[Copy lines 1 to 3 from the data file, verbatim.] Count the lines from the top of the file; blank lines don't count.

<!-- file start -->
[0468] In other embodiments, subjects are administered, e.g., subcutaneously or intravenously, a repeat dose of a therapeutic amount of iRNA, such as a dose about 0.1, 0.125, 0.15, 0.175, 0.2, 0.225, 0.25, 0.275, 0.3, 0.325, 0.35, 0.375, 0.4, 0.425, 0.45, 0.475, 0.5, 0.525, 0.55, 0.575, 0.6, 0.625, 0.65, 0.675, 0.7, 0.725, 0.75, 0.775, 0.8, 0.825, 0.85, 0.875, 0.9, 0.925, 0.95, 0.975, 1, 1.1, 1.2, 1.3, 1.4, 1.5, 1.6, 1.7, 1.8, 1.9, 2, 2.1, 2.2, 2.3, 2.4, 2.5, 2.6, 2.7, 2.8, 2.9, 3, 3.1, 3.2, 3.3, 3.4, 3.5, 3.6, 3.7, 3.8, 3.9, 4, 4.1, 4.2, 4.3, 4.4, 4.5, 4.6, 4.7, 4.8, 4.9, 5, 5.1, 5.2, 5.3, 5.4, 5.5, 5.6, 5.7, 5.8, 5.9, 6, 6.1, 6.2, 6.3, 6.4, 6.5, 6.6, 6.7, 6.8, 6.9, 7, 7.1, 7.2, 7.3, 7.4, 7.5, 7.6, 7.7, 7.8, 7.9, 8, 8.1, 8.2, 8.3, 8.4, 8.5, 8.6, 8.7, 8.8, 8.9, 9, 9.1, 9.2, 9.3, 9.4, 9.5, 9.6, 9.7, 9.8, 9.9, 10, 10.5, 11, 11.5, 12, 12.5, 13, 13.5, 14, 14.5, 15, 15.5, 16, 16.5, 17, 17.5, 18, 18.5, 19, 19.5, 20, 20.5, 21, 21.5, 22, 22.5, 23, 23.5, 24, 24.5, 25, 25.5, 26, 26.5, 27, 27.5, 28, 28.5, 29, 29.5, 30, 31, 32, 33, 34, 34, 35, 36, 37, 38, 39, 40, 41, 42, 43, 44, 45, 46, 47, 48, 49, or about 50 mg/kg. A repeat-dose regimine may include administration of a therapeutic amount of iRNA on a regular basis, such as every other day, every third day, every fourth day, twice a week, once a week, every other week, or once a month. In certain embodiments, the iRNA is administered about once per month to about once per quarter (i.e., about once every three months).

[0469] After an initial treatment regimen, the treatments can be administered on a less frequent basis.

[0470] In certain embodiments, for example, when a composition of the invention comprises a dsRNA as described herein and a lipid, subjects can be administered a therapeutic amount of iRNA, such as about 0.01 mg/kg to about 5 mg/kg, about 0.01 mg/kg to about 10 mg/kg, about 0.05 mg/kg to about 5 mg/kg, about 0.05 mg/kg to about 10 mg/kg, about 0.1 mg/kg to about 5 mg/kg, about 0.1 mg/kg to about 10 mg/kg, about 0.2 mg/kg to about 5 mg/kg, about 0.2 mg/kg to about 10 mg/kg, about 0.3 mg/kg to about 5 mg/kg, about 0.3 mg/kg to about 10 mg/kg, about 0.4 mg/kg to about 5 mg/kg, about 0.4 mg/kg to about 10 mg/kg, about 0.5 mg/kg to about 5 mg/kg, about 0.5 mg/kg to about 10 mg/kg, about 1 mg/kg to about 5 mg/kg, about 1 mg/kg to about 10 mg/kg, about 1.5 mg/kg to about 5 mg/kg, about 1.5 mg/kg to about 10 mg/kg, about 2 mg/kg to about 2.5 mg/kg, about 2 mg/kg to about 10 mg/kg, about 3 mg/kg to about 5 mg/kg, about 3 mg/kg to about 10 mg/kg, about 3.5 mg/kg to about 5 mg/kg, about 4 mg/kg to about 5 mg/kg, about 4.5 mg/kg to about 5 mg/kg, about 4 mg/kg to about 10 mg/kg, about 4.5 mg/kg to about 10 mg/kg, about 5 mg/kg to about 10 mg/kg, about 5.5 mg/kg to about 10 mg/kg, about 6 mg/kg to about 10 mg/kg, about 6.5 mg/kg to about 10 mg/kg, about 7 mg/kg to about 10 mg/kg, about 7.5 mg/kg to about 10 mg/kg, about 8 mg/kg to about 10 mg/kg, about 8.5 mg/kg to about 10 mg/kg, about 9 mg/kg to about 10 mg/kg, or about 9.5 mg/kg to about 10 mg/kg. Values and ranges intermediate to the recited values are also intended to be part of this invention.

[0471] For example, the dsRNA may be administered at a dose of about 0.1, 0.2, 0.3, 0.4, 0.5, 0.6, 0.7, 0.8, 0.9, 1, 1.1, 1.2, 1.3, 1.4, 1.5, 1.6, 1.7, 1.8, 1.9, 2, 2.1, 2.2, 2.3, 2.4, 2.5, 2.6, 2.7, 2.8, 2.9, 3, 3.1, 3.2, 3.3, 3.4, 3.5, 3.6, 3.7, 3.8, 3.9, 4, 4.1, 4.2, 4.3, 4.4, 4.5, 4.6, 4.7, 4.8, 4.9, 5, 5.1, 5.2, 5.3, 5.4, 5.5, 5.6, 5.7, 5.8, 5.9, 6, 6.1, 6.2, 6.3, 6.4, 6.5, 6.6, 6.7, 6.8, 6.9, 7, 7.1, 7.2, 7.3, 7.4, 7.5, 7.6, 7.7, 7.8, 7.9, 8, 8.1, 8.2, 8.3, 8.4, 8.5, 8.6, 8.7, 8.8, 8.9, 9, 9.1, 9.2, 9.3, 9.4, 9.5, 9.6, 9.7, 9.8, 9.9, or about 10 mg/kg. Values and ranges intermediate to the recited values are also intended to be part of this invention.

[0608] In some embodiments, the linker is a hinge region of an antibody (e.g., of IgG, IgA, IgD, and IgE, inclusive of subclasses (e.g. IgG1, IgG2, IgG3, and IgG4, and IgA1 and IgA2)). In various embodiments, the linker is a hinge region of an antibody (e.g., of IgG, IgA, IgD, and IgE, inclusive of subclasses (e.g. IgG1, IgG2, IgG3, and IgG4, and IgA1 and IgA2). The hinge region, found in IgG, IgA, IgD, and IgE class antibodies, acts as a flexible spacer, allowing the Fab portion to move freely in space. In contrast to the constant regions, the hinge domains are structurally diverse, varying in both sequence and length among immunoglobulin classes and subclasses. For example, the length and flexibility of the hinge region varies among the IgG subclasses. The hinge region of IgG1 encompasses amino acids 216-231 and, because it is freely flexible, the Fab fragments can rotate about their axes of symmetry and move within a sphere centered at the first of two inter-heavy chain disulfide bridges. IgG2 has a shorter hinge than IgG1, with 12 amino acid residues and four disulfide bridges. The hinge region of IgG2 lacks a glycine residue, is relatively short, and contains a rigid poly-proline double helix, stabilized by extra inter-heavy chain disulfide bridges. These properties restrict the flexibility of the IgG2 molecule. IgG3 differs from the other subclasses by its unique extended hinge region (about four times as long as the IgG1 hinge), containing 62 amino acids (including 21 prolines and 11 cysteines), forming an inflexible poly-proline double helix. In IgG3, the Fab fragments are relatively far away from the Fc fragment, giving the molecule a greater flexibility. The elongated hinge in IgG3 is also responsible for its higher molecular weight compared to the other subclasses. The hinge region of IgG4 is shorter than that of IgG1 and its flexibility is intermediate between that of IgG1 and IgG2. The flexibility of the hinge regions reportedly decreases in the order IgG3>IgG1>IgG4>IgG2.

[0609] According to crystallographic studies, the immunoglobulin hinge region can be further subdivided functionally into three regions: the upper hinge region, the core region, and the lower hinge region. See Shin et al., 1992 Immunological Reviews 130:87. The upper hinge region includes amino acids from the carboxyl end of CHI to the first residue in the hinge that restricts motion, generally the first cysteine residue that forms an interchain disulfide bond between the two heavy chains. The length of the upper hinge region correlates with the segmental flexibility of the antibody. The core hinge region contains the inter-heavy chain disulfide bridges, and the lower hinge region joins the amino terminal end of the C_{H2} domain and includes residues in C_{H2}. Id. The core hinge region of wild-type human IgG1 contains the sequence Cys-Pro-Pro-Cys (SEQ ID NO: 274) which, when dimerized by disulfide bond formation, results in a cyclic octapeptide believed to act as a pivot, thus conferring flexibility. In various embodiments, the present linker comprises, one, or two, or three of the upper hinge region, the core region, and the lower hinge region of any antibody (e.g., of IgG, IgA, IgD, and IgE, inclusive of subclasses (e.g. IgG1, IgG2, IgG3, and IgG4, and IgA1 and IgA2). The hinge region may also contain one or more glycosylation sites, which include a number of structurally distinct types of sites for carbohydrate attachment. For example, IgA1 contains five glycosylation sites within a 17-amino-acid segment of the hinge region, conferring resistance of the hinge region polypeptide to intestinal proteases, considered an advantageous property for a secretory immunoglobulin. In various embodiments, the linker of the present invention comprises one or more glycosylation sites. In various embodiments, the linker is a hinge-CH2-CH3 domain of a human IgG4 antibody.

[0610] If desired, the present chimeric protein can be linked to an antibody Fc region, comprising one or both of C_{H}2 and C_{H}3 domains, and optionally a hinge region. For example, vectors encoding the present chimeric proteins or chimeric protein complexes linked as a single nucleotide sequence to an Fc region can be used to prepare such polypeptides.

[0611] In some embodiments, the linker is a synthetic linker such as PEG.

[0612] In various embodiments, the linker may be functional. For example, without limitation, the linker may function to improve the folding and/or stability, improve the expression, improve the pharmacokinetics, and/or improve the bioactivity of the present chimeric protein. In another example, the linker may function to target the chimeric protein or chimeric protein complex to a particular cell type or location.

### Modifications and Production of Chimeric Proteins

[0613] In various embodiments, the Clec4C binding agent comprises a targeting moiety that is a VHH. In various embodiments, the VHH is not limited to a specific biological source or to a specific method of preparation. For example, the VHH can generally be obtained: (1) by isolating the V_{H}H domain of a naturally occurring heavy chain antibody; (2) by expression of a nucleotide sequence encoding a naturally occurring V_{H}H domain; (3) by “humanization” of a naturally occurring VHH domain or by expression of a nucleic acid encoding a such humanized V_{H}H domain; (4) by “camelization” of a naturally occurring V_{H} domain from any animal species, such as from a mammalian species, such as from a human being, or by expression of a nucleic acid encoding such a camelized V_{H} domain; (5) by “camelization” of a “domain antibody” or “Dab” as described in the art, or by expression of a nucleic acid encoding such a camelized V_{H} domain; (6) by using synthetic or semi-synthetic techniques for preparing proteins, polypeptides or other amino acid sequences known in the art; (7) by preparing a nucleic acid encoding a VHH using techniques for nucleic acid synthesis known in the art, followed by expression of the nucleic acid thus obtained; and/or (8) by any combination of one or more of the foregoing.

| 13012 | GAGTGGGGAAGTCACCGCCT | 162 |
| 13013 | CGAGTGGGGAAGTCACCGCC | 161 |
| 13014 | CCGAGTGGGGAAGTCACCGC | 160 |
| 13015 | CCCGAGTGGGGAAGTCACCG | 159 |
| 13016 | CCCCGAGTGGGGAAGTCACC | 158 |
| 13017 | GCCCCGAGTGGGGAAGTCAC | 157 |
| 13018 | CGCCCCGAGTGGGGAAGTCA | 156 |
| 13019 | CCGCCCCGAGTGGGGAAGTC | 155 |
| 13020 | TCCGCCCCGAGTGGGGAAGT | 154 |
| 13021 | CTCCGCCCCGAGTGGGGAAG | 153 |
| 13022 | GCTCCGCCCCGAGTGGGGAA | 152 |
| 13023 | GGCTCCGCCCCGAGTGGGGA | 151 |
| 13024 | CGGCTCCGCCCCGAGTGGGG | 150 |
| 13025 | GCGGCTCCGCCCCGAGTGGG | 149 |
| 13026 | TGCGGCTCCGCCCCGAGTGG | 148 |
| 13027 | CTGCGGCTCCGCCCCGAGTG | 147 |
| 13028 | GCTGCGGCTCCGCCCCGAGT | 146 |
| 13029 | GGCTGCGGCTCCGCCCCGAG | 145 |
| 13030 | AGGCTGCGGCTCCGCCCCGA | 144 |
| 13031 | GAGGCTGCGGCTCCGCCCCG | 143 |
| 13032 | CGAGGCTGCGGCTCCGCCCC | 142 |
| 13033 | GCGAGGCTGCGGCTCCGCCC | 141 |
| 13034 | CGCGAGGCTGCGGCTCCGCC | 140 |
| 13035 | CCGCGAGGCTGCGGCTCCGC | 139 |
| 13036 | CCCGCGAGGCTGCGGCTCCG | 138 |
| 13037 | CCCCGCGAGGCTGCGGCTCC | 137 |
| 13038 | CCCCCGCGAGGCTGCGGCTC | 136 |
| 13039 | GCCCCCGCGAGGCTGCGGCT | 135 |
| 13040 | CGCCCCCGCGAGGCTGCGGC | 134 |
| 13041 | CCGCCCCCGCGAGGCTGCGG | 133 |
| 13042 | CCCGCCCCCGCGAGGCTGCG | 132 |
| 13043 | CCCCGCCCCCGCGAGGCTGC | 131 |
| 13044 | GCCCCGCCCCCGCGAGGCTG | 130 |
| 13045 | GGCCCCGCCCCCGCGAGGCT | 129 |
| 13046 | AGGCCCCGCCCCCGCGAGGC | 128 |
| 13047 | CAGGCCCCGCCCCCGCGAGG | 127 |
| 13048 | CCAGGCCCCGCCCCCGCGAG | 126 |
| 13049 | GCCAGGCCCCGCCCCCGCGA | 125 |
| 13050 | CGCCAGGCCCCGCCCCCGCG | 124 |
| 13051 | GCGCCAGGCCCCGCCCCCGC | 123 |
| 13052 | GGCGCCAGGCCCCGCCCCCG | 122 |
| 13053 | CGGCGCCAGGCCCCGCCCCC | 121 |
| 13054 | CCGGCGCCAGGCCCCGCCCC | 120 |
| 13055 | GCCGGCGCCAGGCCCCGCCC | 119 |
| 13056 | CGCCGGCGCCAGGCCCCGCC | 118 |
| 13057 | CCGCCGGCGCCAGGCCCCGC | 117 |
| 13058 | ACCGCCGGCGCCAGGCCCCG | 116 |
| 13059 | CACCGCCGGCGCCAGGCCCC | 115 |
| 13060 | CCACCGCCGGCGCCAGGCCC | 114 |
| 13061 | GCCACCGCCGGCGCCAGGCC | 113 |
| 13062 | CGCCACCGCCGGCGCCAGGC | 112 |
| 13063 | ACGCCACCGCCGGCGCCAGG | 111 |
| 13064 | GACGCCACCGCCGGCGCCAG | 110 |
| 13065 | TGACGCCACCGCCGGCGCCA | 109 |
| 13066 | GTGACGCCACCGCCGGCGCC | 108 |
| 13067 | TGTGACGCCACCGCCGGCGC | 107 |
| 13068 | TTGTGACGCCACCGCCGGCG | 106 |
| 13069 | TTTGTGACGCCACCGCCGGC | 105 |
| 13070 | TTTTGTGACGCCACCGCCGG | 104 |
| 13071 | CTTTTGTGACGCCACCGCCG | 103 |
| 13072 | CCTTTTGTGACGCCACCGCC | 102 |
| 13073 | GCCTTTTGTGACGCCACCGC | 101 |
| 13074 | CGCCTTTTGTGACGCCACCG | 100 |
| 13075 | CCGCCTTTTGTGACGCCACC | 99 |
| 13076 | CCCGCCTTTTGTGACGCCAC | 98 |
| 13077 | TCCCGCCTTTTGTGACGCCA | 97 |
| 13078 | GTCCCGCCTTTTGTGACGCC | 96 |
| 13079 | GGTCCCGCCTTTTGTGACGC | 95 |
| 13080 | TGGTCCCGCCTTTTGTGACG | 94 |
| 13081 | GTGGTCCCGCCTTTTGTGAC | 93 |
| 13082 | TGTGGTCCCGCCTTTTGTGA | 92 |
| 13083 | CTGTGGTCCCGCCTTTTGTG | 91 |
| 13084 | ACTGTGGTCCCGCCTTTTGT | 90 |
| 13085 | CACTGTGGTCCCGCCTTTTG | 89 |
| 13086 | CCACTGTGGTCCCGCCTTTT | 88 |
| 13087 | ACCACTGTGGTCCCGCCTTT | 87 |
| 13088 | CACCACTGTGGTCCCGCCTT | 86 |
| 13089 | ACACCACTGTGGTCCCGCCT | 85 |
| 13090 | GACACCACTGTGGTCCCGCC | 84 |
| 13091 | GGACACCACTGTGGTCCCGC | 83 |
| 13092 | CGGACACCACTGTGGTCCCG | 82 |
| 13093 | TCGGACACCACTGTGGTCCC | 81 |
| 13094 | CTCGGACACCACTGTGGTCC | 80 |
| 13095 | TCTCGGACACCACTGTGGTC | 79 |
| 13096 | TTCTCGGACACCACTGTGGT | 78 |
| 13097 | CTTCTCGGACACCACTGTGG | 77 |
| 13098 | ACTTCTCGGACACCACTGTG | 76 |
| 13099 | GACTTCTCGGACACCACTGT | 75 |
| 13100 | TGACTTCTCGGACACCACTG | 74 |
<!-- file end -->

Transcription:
[0468] In other embodiments, subjects are administered, e.g., subcutaneously or intravenously, a repeat dose of a therapeutic amount of iRNA, such as a dose about 0.1, 0.125, 0.15, 0.175, 0.2, 0.225, 0.25, 0.275, 0.3, 0.325, 0.35, 0.375, 0.4, 0.425, 0.45, 0.475, 0.5, 0.525, 0.55, 0.575, 0.6, 0.625, 0.65, 0.675, 0.7, 0.725, 0.75, 0.775, 0.8, 0.825, 0.85, 0.875, 0.9, 0.925, 0.95, 0.975, 1, 1.1, 1.2, 1.3, 1.4, 1.5, 1.6, 1.7, 1.8, 1.9, 2, 2.1, 2.2, 2.3, 2.4, 2.5, 2.6, 2.7, 2.8, 2.9, 3, 3.1, 3.2, 3.3, 3.4, 3.5, 3.6, 3.7, 3.8, 3.9, 4, 4.1, 4.2, 4.3, 4.4, 4.5, 4.6, 4.7, 4.8, 4.9, 5, 5.1, 5.2, 5.3, 5.4, 5.5, 5.6, 5.7, 5.8, 5.9, 6, 6.1, 6.2, 6.3, 6.4, 6.5, 6.6, 6.7, 6.8, 6.9, 7, 7.1, 7.2, 7.3, 7.4, 7.5, 7.6, 7.7, 7.8, 7.9, 8, 8.1, 8.2, 8.3, 8.4, 8.5, 8.6, 8.7, 8.8, 8.9, 9, 9.1, 9.2, 9.3, 9.4, 9.5, 9.6, 9.7, 9.8, 9.9, 10, 10.5, 11, 11.5, 12, 12.5, 13, 13.5, 14, 14.5, 15, 15.5, 16, 16.5, 17, 17.5, 18, 18.5, 19, 19.5, 20, 20.5, 21, 21.5, 22, 22.5, 23, 23.5, 24, 24.5, 25, 25.5, 26, 26.5, 27, 27.5, 28, 28.5, 29, 29.5, 30, 31, 32, 33, 34, 34, 35, 36, 37, 38, 39, 40, 41, 42, 43, 44, 45, 46, 47, 48, 49, or about 50 mg/kg. A repeat-dose regimine may include administration of a therapeutic amount of iRNA on a regular basis, such as every other day, every third day, every fourth day, twice a week, once a week, every other week, or once a month. In certain embodiments, the iRNA is administered about once per month to about once per quarter (i.e., about once every three months).

[0469] After an initial treatment regimen, the treatments can be administered on a less frequent basis.

[0470] In certain embodiments, for example, when a composition of the invention comprises a dsRNA as described herein and a lipid, subjects can be administered a therapeutic amount of iRNA, such as about 0.01 mg/kg to about 5 mg/kg, about 0.01 mg/kg to about 10 mg/kg, about 0.05 mg/kg to about 5 mg/kg, about 0.05 mg/kg to about 10 mg/kg, about 0.1 mg/kg to about 5 mg/kg, about 0.1 mg/kg to about 10 mg/kg, about 0.2 mg/kg to about 5 mg/kg, about 0.2 mg/kg to about 10 mg/kg, about 0.3 mg/kg to about 5 mg/kg, about 0.3 mg/kg to about 10 mg/kg, about 0.4 mg/kg to about 5 mg/kg, about 0.4 mg/kg to about 10 mg/kg, about 0.5 mg/kg to about 5 mg/kg, about 0.5 mg/kg to about 10 mg/kg, about 1 mg/kg to about 5 mg/kg, about 1 mg/kg to about 10 mg/kg, about 1.5 mg/kg to about 5 mg/kg, about 1.5 mg/kg to about 10 mg/kg, about 2 mg/kg to about 2.5 mg/kg, about 2 mg/kg to about 10 mg/kg, about 3 mg/kg to about 5 mg/kg, about 3 mg/kg to about 10 mg/kg, about 3.5 mg/kg to about 5 mg/kg, about 4 mg/kg to about 5 mg/kg, about 4.5 mg/kg to about 5 mg/kg, about 4 mg/kg to about 10 mg/kg, about 4.5 mg/kg to about 10 mg/kg, about 5 mg/kg to about 10 mg/kg, about 5.5 mg/kg to about 10 mg/kg, about 6 mg/kg to about 10 mg/kg, about 6.5 mg/kg to about 10 mg/kg, about 7 mg/kg to about 10 mg/kg, about 7.5 mg/kg to about 10 mg/kg, about 8 mg/kg to about 10 mg/kg, about 8.5 mg/kg to about 10 mg/kg, about 9 mg/kg to about 10 mg/kg, or about 9.5 mg/kg to about 10 mg/kg. Values and ranges intermediate to the recited values are also intended to be part of this invention.